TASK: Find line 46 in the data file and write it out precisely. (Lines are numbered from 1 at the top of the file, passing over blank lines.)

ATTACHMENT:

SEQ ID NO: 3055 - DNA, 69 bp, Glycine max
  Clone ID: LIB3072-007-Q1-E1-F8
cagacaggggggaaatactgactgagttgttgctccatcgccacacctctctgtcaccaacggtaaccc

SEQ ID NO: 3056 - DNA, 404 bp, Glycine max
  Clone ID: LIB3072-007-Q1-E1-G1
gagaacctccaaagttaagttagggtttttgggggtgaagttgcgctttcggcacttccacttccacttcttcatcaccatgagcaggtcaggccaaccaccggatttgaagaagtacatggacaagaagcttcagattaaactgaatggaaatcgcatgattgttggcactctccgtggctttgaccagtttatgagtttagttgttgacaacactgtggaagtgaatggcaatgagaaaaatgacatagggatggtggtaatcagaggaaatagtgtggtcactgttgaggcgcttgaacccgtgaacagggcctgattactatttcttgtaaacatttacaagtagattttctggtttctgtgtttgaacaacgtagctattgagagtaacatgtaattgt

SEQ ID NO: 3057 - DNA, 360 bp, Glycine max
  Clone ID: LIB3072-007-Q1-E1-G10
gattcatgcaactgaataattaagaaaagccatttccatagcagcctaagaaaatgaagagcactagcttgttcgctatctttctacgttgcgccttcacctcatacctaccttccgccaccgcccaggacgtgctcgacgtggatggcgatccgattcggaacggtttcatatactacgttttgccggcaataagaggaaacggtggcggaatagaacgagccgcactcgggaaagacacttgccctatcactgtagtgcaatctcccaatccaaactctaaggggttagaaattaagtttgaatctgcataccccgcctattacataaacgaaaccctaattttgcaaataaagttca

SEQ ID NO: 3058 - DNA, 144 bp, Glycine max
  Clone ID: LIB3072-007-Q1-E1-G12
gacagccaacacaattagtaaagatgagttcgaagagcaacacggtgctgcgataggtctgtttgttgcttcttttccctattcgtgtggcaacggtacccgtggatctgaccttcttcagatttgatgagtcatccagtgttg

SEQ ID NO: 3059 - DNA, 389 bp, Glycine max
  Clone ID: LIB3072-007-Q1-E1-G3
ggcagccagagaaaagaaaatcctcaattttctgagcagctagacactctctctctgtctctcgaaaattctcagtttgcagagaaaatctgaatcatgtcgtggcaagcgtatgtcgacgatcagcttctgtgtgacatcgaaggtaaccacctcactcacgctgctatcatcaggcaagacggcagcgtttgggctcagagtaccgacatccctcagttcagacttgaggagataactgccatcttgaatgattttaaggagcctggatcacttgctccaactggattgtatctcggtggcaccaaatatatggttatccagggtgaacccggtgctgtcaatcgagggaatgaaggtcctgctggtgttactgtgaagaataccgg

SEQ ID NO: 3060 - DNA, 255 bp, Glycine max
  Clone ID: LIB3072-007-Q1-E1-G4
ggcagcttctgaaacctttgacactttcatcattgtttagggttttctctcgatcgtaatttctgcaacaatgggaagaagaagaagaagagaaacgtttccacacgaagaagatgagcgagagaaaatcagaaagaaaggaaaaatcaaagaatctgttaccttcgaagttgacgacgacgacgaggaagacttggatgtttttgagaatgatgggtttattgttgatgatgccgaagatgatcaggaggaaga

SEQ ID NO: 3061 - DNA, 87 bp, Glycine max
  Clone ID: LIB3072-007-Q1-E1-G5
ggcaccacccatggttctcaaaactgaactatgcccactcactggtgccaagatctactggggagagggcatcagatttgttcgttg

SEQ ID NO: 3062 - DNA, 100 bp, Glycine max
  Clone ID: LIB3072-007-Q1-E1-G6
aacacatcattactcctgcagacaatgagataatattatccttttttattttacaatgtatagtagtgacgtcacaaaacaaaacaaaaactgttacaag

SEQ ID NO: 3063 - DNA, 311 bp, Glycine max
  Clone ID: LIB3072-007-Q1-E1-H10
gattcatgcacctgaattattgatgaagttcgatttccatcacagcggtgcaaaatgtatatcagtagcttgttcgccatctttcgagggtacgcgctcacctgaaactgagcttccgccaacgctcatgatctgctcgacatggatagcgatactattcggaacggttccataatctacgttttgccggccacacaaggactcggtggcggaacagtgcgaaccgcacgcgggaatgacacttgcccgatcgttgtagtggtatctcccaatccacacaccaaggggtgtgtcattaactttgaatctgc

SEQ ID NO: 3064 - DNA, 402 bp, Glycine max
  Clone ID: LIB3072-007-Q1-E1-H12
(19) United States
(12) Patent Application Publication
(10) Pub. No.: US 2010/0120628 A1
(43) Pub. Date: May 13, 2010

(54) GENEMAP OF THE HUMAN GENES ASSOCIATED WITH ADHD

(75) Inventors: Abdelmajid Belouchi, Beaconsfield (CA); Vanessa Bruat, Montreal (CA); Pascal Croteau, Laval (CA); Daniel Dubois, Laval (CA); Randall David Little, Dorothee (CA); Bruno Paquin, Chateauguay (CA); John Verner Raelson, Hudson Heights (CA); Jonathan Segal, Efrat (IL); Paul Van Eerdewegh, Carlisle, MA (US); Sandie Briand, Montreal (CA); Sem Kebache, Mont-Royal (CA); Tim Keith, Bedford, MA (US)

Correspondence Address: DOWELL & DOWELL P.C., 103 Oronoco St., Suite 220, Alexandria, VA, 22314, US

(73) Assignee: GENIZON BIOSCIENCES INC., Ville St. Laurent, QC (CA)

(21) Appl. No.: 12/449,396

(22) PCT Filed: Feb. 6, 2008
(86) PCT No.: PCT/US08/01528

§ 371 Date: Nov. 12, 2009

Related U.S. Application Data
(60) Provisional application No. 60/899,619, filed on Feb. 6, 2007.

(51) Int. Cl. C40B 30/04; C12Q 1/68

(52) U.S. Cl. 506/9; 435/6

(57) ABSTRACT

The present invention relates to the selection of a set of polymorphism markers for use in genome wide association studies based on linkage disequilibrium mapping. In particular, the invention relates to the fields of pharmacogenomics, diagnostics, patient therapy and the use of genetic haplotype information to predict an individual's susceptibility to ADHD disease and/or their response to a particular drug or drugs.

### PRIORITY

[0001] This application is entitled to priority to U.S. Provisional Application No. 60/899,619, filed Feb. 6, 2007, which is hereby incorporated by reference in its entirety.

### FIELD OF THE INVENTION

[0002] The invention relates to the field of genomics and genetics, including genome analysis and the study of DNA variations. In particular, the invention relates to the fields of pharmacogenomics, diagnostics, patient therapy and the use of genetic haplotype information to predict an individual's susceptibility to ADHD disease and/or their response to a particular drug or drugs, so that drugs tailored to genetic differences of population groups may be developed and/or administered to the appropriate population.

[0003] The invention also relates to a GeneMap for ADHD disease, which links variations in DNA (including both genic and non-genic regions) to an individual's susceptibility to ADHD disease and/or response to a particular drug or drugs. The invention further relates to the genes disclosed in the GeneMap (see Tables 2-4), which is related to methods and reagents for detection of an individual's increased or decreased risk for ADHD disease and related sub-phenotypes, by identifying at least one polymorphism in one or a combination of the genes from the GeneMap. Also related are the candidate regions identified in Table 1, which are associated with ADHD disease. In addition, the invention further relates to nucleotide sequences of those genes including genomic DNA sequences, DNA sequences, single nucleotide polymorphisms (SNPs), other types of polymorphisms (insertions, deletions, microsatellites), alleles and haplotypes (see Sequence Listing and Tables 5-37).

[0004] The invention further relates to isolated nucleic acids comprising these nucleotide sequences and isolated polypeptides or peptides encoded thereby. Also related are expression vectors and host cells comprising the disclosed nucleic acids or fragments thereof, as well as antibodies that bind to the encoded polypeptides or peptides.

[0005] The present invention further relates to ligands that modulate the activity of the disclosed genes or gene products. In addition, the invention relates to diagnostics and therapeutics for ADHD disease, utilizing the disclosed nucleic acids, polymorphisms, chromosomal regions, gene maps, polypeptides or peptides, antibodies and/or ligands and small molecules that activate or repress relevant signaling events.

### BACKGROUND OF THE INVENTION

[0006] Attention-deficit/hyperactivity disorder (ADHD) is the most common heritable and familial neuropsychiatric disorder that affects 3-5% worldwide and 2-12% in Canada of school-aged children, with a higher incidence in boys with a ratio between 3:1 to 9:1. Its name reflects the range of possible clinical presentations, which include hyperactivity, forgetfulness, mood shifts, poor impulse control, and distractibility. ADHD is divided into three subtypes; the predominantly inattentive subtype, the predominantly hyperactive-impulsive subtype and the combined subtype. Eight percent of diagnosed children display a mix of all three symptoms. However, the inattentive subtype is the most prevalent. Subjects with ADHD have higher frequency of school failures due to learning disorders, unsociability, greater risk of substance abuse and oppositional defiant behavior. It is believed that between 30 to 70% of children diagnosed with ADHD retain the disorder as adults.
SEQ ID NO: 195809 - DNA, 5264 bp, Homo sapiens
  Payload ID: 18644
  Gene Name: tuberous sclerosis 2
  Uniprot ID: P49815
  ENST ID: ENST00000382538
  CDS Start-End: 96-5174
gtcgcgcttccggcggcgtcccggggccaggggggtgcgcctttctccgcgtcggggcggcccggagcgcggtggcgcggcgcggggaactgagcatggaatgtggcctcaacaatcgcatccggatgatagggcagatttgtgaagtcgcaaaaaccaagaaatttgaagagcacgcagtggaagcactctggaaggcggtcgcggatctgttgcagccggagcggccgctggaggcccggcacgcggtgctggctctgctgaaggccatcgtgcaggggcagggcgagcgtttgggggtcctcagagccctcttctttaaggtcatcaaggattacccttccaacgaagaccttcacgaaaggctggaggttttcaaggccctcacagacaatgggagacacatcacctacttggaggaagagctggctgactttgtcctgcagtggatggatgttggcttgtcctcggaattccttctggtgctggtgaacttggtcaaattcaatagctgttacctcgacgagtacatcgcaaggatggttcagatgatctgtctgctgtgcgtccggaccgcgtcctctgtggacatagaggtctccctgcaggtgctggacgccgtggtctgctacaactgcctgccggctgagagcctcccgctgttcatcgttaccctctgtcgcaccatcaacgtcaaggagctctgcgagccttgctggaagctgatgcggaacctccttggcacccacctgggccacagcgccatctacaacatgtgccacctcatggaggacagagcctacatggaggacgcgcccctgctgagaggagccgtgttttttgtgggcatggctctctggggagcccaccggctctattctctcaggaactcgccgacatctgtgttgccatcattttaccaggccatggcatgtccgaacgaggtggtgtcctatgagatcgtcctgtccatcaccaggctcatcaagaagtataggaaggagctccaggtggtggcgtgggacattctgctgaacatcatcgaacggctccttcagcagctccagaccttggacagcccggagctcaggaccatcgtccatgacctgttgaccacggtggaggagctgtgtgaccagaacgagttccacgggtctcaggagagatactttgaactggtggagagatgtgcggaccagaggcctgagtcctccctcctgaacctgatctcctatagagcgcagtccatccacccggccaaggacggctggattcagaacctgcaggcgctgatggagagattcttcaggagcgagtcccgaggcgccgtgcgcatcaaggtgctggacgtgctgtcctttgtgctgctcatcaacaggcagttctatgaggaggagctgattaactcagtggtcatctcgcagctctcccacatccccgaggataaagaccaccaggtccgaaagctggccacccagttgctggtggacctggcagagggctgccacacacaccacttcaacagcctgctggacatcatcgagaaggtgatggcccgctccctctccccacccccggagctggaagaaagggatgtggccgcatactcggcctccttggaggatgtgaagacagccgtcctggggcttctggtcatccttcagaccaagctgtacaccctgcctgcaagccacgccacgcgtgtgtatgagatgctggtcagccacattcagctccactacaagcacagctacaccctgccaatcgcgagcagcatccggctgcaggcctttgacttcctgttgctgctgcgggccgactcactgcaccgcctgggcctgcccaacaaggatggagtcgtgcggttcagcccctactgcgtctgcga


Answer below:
(57) ABSTRACT